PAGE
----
When debugging, it is often helpful to output the value of an expression or variable.

We might try something like:

def sum(x: Int32, y: Int32): Int32 =
    x + y

Unfortunately this does not work:

❌ -- Type Error -------------------------------------------------- Main.flix

>> Impure function declared as pure.

1 | def sum(x: Int32, y: Int32): Int32 =
        impure function.

The problem is that printing is inherently an effectful operation and hence we cannot use it to debug our pure functions! We could make our sum function have the IO effect, but that is rarely what we want. Fortunately, Flix has a built-in debugging facility that allows us to do print-line debugging.

The debug Function

Flix has a debug function with the same signature as the identity function:

def debug(x: a): a

The debug "function" isn't really a function; rather its internal compiler magic that allows you to print any value while fooling the type and effect system into believing that it is still pure. Using the debug function this program:

def sum(x: Int32, y: Int32): Int32 =
    x + y

Now compiles and runs.

The debug function returns its argument. Hence its convenient to use in many situations.

For example, we can write:

def sum(x: Int32, y: Int32): Int32 = debug(x + y)

to print the value of x + y and return it.

We can also use it inside e.g. a for-yield expression:

for(i <- List.range(0, 10);
    j <- debug(List.range(i, 10)))
    yield (i, j)

Or in a pipeline:

List.range(1, 100) |> -> debug(x + 1)) |>
List.filter(x -> debug(x > 5))

Debug Format

The debug expression (and its variants) do not use the ToString trait. Instead they print the internal Flix representation of the given value.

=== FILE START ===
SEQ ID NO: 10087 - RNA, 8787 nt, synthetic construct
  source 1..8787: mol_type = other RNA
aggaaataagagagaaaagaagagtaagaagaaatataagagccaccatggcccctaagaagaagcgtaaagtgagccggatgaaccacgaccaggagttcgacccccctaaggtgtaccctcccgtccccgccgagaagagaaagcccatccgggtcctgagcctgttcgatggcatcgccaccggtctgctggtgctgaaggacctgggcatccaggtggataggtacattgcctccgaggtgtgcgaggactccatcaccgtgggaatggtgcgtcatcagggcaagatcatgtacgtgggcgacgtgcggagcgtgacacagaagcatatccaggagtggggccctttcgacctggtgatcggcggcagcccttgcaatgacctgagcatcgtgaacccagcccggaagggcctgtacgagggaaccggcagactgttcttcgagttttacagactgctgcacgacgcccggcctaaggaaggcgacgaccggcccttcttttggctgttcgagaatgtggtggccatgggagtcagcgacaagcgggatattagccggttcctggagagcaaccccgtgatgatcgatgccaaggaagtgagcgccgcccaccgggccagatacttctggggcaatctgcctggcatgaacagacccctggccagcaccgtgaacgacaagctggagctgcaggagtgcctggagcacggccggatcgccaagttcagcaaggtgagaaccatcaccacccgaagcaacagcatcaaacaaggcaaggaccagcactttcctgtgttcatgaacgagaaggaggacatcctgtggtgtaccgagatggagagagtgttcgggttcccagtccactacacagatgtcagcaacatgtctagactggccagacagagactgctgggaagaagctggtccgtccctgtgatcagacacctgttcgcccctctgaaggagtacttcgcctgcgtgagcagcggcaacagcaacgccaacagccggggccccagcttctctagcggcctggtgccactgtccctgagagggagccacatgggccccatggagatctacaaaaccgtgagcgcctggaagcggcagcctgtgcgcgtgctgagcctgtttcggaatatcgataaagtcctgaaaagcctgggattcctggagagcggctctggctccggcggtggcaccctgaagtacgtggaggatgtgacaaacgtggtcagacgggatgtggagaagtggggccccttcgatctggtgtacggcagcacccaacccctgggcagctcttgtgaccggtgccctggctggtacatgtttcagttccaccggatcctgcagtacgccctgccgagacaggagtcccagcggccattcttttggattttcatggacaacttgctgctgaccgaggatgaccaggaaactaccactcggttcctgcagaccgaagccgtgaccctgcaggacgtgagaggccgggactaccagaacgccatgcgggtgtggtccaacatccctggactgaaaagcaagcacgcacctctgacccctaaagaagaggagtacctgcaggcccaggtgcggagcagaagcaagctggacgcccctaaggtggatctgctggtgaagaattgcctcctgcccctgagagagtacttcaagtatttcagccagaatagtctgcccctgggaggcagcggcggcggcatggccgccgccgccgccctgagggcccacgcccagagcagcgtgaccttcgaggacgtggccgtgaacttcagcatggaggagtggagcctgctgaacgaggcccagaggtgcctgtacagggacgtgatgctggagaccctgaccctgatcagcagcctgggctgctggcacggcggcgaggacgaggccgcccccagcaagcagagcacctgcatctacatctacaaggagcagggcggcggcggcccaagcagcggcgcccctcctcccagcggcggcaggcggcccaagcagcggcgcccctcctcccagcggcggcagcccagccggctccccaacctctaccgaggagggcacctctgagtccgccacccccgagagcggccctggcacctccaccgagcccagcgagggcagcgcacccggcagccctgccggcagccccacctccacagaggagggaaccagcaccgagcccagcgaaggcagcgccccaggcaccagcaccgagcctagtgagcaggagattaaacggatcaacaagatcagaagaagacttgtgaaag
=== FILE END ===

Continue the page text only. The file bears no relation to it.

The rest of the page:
For example, the expression:

debug(1 :: 2 :: Nil)


Cons(1, Cons(2, Nil))

We can also print values that do not have a ToString instance:

debug(x -> x + 123)


Int32 -> Int32

We can always obtain the ToString representation by using an interpolated string. For example:


Debug Variants

The debug function comes in three variants:

  • debug: Prints its argument.
  • debug!: Prints its argument and source location.
  • debug!!: Prints its argument, source location, and source code.

The following program:

def main(): Unit =
    debug("A message");
    debug!("Another message");
    debug!!("A third message");


"A message"
[C:\tmp\flix\Main.flix:3] "Another message"
[C:\tmp\flix\Main.flix:4] A third message = "A third message"

The third debug!! variant is intended to be used in situations like:

let x = 123;
let y = 456;
debug!!(x + y)

where it prints:

[C:\tmp\flix\Main.flix:3] x + y = 579

Note: The debug expression should not be used in production code.

Warning: The Flix compiler treats the debug expression as pure, hence under certain circumstances the compiler may reorder or entirely remove a use of debug.